In 1982, the Zinks entered into an identical agreement with Sea Star to purchase the research and development of specified component parts–the rudder parts–of a twin-engine amphibian aircraft called the Avalon “Sea Star 2.” Pursuant to this purchase agreement, the Zinks were required to enter into a nonexclusive licensing agreement with Airmaster under which they would receive a royalty of $1,417 per aircraft sold. As consideration for the purchase of this research, the Zinks paid Sea Star $47,234 and executed a promissory note for $94,466 payable in December of 1992.
Both Tri-Liner and Sea Star contracted with Airmaster to perform the research and development for the investors in the Tri-Liner and Sea Star programs. Airmaster, in turn, either subcontracted this research to other entities and individuals or performed the research itself. It also maintained drawings and specifications of the various component parts developed.
In December of 1981, about one month after the Zinks entered into the Tri-Liner research agreement, Tri-Liner notified the Zinks that the research and development on their wing component parts had been completed. In December of 1982, about two months after the Zinks entered into the Sea Star research agreement, the Zinks were notified that the research and development on their rudder parts was complete.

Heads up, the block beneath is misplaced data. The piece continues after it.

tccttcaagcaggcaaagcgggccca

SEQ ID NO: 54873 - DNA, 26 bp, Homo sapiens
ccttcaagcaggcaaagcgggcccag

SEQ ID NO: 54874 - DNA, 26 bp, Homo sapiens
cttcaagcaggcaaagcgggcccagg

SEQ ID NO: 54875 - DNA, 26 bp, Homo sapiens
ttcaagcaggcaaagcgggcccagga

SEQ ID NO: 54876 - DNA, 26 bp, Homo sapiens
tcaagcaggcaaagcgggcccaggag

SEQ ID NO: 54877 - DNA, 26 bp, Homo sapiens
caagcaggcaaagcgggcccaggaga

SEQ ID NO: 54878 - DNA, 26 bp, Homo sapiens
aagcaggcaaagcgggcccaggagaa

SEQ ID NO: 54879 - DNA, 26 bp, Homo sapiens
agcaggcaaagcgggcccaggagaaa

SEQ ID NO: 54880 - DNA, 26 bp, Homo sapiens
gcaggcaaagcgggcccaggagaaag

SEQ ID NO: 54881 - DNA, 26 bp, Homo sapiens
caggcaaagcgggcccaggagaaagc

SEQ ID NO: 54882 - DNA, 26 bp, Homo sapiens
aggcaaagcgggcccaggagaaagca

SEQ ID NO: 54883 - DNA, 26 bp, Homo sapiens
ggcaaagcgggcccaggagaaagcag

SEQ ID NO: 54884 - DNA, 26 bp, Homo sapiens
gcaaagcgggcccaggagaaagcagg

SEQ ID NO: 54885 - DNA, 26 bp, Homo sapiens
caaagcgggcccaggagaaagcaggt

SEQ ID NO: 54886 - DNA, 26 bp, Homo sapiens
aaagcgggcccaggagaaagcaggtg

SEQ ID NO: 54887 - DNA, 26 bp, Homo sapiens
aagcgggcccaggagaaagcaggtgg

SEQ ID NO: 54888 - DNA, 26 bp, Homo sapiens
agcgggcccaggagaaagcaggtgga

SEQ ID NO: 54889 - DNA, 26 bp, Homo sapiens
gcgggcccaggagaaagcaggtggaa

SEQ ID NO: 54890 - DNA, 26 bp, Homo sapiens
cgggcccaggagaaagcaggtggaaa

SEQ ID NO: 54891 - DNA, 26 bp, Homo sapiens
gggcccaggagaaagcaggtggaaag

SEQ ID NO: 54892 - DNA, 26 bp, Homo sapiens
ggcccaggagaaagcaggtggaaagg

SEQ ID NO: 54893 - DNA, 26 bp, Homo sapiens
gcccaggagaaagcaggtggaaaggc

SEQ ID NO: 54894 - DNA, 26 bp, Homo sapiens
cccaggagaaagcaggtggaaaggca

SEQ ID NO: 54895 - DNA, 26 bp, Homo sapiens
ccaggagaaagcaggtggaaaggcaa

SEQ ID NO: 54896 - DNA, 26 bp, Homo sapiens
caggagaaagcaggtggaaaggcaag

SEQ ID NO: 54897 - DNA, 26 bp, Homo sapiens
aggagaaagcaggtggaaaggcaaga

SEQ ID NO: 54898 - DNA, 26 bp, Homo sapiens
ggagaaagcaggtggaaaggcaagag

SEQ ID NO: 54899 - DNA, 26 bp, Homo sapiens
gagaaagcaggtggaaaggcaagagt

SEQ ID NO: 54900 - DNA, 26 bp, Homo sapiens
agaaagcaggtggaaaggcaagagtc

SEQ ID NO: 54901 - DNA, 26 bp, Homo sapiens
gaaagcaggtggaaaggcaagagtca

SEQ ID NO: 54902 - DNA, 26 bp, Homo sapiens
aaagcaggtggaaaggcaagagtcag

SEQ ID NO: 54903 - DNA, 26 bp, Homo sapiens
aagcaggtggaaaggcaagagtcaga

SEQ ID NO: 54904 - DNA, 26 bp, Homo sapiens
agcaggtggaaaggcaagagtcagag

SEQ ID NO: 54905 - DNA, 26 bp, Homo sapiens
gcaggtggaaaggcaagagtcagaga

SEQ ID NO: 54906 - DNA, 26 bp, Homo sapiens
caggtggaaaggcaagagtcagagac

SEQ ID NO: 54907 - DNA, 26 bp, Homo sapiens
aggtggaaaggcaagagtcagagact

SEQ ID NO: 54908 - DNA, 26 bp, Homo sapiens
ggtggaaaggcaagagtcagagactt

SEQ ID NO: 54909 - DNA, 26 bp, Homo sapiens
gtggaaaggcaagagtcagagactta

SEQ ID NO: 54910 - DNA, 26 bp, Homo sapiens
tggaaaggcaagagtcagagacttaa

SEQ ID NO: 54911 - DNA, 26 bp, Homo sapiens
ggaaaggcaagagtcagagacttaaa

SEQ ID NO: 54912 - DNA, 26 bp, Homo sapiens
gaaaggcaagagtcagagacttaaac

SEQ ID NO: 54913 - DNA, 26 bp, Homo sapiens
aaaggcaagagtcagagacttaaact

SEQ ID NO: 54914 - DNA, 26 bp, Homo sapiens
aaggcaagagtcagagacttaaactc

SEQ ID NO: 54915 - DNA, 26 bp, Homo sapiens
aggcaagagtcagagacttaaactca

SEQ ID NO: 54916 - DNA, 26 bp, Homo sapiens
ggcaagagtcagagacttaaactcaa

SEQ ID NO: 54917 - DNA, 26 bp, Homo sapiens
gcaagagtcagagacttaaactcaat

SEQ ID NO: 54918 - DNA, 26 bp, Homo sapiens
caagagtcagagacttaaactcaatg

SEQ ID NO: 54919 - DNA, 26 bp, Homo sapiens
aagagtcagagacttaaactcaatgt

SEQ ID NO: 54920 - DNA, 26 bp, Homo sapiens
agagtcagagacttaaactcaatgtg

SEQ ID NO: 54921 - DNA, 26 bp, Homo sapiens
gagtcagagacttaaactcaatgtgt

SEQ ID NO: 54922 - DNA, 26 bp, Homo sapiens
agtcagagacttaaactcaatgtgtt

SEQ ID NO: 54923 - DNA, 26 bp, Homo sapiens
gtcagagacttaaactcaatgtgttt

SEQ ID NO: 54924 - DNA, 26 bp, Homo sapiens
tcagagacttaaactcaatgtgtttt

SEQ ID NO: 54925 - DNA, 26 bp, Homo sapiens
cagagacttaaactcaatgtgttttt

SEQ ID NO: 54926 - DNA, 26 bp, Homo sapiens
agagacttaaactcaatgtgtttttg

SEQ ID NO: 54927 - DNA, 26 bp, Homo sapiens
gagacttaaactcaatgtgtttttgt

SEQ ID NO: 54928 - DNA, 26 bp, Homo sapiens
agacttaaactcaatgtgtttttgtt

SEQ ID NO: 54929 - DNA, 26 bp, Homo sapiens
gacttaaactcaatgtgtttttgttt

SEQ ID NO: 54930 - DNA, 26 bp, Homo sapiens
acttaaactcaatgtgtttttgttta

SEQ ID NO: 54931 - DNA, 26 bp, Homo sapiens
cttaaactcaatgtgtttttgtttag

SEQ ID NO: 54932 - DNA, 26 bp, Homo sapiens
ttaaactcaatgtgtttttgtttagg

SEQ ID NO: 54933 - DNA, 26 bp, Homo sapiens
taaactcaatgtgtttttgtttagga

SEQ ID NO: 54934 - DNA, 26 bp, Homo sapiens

The Zinks communicated with the companies regarding the progress of the development and marketing of the airplanes. In August of 1985, the Zinks traveled to Seattle, Washington, to inspect the progress of the research and development of the planes, as well as the plant facilities where the research and development was being conducted.
To provide the needed financing to put the Avalon 680 and Sea Star 2 into production, a plan was set up to merge the research programs into a new corporation called Avalon. Corniche Resources then purchased Avalon. Participants in the Tri-Liner and Sea Star programs, including the Zinks, were offered shares of stock in the new corporation equivalent to the price paid by the participants for their research and development rights. The participants were then required to pay the balance of their Tri-Liner and Sea Star notes by returning an equivalent amount of the stock to the holder of the notes. The Zinks accepted this stock offering.
A prototype Avalon 680 aircraft was built and flight tested. The Federal Aviation Administration issued operating licenses on the Avalon 680 prototype for research and development purposes. The Avalon 680 has been the subject of various aviation magazine articles. Color brochures have been printed and distributed in an effort to market the aircraft. There are insufficient orders for the Avalon 680 single-engine plane to justify its production, but orders have been made for the Avalon Sea Star 2.
On Schedule C submitted with their 1981 and 1982 federal income tax returns, the Zinks claimed deductions for research and development in the amounts of $276,000 and $141,700, respectively. These amounts represent the total of the cash payments and the face value of the promissory notes given as consideration under the two research agreements. The IRS disallowed the Zinks’ claimed research and experimentation deductions.2